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A Dishonorable Index

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Here are tropes dealing with characters who have a lack of honor, dignity, and integrity.

Contrast Dignity Tropes. See also Betrayal Tropes, Pragmatism Tropes, and This Index Fights Dirty.


  • Bitch Slap: A slap to humiliate a character.
  • Breach of Promise of Marriage: A character calling off their engagement is considered a series breach of a contract.
  • Cheaters Never Prosper: Characters who cheat will and do get hit with karma.
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  • Combat Pragmatist: A character who will do whatever it takes and use whatever they have to win.
  • Crush the Keepsake: Just to give a downed character an extra kick to the gut, the villain destroys one of their beloved keepsakes.
  • Deliberately Jumping the Gun: To get a better chance at winning, a character starts before the beginning of the competition proper.
  • Desecrating the Dead: Someone's body is desecrated after their death.
  • Dick Dastardly Stops to Cheat: The villain could go ahead and just win, but they decide to cheat just for the heck of it.
  • Dirty Coward: A character who runs at the first sight of trouble, usually at the expense of other characters.
  • Dishonored Dead: A deceased character is denied something (usually a proper funeral) due to dishonorable actions in their life.
  • Driven to Suicide: Something happens to a character that leads to them taking their life.
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  • False Flag Operation: An individual or group pretends to be part of the opposing forces in order to attack them from the inside, to cause conflict, or to tarnish their image.
  • Five-Aces Cheater: Someone cheats by doing something impossible by the rules.
  • I Lied: A taunting stock phrase given to a character when they fall for a lie.
  • I Surrender, Suckers: A character pretends to surrender to catch their enemies by surprise.
  • Insignia Ripoff Ritual: To show a character being disgraced or demoted, the insignia on their uniform is ripped off.
  • Kick Them While They Are Down: Even when the person is already down and helpless, their attacker keeps on coming.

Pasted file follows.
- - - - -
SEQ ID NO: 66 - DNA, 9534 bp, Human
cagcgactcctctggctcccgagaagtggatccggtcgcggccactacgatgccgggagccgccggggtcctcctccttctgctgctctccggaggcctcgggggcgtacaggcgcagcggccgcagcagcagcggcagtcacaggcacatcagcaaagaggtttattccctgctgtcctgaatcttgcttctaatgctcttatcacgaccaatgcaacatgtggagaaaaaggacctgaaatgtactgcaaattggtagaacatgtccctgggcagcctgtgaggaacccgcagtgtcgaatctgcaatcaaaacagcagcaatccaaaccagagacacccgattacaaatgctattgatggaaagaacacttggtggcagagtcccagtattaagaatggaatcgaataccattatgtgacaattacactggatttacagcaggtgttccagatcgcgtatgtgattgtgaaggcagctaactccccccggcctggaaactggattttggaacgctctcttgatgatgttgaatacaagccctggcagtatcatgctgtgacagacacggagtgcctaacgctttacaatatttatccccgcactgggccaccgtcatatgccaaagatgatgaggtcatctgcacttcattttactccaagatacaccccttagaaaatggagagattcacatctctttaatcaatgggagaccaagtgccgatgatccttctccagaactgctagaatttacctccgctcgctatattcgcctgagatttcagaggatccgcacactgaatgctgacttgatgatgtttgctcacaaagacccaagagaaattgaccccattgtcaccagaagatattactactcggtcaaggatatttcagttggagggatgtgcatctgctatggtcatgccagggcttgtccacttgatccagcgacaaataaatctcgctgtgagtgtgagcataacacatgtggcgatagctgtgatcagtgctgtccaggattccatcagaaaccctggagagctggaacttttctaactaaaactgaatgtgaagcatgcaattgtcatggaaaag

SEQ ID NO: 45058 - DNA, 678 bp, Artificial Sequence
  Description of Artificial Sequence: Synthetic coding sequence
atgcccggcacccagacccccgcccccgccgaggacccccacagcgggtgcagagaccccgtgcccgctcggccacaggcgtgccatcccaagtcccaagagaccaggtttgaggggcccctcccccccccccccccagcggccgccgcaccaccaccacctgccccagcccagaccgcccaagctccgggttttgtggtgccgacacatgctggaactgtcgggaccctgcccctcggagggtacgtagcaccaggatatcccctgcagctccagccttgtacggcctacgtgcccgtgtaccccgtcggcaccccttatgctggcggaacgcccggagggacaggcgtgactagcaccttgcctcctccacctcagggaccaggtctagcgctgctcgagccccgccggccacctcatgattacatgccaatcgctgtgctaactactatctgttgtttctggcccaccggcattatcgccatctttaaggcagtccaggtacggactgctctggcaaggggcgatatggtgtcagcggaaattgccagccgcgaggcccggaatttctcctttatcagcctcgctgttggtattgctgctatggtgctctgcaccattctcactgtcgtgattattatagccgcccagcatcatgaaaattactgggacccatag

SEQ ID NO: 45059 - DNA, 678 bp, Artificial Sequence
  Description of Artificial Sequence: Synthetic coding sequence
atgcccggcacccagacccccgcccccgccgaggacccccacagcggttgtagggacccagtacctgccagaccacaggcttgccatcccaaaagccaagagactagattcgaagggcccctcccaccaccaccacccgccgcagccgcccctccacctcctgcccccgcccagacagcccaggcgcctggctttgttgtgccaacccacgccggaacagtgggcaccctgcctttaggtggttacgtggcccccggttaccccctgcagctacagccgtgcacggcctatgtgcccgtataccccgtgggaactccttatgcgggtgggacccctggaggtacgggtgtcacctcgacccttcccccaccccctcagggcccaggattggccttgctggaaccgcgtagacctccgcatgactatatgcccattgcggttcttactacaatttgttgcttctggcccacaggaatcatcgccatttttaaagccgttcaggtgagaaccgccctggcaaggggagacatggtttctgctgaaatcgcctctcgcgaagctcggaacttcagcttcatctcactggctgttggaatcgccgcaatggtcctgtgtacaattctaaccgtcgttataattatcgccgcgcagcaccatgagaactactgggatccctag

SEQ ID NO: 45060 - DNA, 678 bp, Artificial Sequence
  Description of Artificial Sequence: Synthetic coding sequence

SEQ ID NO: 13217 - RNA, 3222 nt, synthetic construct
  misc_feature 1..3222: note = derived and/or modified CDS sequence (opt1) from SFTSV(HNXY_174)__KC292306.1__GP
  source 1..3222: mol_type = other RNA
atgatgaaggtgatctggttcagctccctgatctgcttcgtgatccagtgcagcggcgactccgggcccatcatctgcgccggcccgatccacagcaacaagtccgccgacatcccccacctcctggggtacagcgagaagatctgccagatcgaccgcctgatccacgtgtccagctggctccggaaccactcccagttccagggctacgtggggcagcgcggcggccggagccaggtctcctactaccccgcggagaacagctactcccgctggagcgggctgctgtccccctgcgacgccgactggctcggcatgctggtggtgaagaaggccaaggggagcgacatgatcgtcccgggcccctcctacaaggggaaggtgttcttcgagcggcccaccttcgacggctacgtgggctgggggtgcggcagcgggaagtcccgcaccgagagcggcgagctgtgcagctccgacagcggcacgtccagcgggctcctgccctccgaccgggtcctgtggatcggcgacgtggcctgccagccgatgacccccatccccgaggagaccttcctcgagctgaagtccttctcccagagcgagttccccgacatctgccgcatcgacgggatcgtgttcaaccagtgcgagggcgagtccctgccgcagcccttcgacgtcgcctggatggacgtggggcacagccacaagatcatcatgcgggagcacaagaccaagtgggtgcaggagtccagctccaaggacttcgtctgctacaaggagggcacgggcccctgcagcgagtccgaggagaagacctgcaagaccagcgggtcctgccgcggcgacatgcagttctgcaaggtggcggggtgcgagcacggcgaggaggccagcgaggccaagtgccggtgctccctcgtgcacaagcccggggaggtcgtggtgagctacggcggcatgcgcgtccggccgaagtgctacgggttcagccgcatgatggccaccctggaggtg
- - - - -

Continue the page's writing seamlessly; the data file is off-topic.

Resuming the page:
• Leave No Survivors: To tie up loose ends (or just for the heck of it), villains kill innocents trying to flee a scene.
  • Mark of Shame: A symbol put onto a character to let other people know they've done something shameful.
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  • Medal of Dishonor: A trophy given to a character in celebration of something immoral they did.
  • Miles Gloriosus: Talks tough, but is really a total wuss.
  • The Oath-Breaker: A character known mostly by a promise they broke.
  • Ordered to Cheat: When someone doesn't really want to cheat, but are forced to.
  • Poison Is Evil: Using poison to kill your enemies is considered an evil act.
  • Professional Butt-Kisser: A character who doesn't really care who's in charge—they'll kiss their butts if it means staying in their good graces.
  • Pushed at the Monster: A character being chased by a monster, killer or other nasty uses someone else as a distraction by means of pushing or tripping them down so they'll get killed or eaten instead of the character.
  • Rejection Ritual: A special ritual for people who are being removed/rejected from a group for something shameful they did.
  • Screw the Rules, They Broke Them First!: Once one side breaks the rules, the other side sees no reason not to follow suit.
  • Shoot the Dog: An action that is morally reprehensible is done for the greater good of things.
  • Sink The Life Boats: After destroying a vehicle, someone then attacks the crew escaping from it, even though they're no longer a threat.
  • So Long, Suckers!: A common one-liner given as a character escapes.
  • Sore Loser: Rather than take it in stride, someone reacts very poorly to losing.
  • Stealing the Credit: Someone takes credit for another person's work/creation.
  • Suicide Is Shameful: Suicide is considered selfish, cowardly, or just plain shameful.
  • The Unfettered: Someone who is so dead-set on achieving their goal that they will do anything to do so.
  • Unhand Them, Villain!: A villain has someone over a high drop, and the hero shouts for the villain to let them go. They do.
  • Unsportsmanlike Gloating: When a character wins and boasts about it in the most arrogant way possible.
  • You Said You Would Let Them Go: The hero agrees to a villain's terms so long as their loved ones go unharmed. But villains are villains, and the loved ones are harmed.


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